There are clear and distinct models by which European companies can perform a successful U.S. expansion. Businesses that get 15% to 30% of their revenues from the States should stay anchored to Europe, but build an autonomous sales operation stateside. This can involve tradeoffs between securing local market knowledge but ensuring new employees are a cultural fit—something that the cross-border payments group TransferWise, another portfolio company of ours, resolved by sending a “landing team” from their European HQ over to the U.S., who could then make the first, crucial local hires.

Meanwhile, companies that see between 30% and 50% of their market in the U.S. need to maintain balance between the two continents. The company’s CEO might move to the U.S., but later in the company’s journey, it will be the base for some, not all, executive roles. Spotify falls into this group, with the States generating over a third of its revenues. 

Lessons from Daniel Ek

After testing the waters in the U.S. and drawing back right at the start, because of financial constraints, Spotify ended up making its first U.S. hire in 2010. By then, the fact that it had shifted its commercial hub to London (while maintaining an R&D base in Stockholm) meant it had sufficient momentum that U.S. record labels appreciated its potential. “There’s a benefit to growing in concentric circles,” Daniel Ek, Spotify’s cofounder, told us. “If we hadn’t expanded via London and had come straight to the U.S., we’d be dead now.”

Businesses that aim to generate more than half their revenues from the States need to make U.S. success their new true north. Over time, many of these startups gravitate toward a setup where the bulk of R&D remains in Europe, but all the executives, the go-to market teams, and the CEO become based there.

Finally, newer distribution models, through app platforms and self-serve software, allow European companies to function like telescopes—zooming into the U.S. market and winning customers entirely remotely. Gaming companies like King, in which we’ve invested, as well as software company Pipedrive, have followed this model successfully. Strategic partnerships may be in the U.S., but the rest of the leadership team tends to stay in Europe.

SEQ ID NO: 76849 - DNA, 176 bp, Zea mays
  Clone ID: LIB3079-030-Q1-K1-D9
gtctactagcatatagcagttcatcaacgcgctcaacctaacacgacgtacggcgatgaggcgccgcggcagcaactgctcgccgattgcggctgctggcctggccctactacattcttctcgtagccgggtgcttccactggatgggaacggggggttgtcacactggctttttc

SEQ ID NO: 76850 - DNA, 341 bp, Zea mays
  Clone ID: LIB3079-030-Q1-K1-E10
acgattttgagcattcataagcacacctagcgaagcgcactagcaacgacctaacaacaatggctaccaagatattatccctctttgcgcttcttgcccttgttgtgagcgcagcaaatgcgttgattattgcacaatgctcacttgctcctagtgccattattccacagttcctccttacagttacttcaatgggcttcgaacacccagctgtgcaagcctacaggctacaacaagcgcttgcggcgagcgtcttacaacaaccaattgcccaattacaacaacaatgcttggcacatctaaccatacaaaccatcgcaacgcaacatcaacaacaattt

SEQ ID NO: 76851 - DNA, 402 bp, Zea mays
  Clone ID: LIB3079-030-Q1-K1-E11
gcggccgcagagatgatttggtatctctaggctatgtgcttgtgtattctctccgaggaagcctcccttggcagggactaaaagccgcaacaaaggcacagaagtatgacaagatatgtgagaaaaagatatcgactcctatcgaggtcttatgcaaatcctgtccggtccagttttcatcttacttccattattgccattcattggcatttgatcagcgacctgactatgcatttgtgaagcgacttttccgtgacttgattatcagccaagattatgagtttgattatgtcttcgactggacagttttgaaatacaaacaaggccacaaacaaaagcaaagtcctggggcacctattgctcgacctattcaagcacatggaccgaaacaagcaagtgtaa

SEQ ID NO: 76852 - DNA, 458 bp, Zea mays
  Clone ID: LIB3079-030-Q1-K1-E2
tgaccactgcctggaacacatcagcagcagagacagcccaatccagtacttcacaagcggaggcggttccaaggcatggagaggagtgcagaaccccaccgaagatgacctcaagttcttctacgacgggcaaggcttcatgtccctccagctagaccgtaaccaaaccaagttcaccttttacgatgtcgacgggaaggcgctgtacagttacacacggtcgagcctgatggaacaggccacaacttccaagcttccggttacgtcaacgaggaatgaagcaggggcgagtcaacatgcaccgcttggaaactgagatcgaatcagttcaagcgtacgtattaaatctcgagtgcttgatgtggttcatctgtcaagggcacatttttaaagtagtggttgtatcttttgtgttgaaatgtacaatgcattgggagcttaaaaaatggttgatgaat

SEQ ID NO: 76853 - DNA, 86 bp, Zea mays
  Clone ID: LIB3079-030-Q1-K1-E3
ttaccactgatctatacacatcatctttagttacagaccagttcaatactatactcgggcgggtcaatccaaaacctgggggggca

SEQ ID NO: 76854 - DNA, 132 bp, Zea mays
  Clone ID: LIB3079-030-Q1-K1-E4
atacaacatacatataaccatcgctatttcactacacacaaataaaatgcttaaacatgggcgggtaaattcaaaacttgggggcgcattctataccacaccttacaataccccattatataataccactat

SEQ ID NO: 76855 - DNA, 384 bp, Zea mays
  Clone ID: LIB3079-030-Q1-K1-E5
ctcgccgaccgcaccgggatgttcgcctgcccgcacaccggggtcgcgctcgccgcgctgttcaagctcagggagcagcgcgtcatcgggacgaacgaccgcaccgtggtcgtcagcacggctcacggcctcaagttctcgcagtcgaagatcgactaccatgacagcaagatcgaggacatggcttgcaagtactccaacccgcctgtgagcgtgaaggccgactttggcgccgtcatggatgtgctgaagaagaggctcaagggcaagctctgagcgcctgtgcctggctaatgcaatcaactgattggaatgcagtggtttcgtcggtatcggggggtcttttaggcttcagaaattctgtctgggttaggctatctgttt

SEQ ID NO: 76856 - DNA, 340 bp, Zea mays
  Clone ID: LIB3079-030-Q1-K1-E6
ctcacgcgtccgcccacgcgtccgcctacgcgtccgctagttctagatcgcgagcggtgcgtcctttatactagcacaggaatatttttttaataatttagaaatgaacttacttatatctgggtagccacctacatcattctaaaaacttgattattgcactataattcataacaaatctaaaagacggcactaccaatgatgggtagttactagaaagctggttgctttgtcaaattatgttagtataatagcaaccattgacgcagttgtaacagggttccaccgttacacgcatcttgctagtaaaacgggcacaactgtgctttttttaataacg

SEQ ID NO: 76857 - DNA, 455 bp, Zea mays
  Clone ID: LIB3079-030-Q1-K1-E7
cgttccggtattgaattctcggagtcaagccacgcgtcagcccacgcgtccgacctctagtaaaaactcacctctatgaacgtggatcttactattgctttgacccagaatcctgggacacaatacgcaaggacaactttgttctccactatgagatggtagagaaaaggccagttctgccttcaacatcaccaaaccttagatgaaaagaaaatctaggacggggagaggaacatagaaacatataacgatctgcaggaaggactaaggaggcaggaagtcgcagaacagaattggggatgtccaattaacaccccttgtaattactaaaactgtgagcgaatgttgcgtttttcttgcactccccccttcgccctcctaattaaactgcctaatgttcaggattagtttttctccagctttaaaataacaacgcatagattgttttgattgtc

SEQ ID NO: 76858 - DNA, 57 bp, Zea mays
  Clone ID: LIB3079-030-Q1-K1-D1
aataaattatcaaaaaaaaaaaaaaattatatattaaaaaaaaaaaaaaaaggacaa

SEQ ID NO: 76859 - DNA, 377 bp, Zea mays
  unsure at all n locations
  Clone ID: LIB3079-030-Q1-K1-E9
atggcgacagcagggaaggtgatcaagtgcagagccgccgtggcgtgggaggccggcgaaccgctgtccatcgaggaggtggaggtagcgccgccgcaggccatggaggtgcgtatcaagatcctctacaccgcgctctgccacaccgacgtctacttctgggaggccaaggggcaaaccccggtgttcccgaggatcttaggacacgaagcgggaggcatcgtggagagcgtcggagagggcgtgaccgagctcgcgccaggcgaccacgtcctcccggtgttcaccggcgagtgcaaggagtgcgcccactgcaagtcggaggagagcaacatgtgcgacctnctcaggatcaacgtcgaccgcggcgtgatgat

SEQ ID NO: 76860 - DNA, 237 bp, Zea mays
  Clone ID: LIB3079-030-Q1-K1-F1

All of this should give Europe’s most ambitious minds the confidence to go after the really audacious opportunities, without feeling the need to necessarily relocate the entire company to the States. It may still be the best option for some, but as our research shows, the stark difference between today and 15 years ago is that founders have choices, because Europe now has the money and the talent it needs to build massive companies. 

This is no time for complacency. The U.S. will always hold a magnetic draw for many tech startups. But as the country reckons with deep structural, political, and economic uncertainties, Europe should seize its moment and encourage its culturally risk-averse corporates to “buy in” to the innovative products being built on their doorstep—fueling the next generation of truly transformative businesses and retaining their confidence to maintain operations on the continent.

Roughly a third of the global tech spend lies across the Atlantic. No future “global tech titan” can ignore such a large and influential market. But with new and more sophisticated ways to expand, long-held dreams that the next Amazon, Google, or Facebook is not only made, but stays, in Europe could at last become reality.

Danny Rimer is a partner at Index Ventures, a venture capital firm with offices and investments in the U.S. and Europe.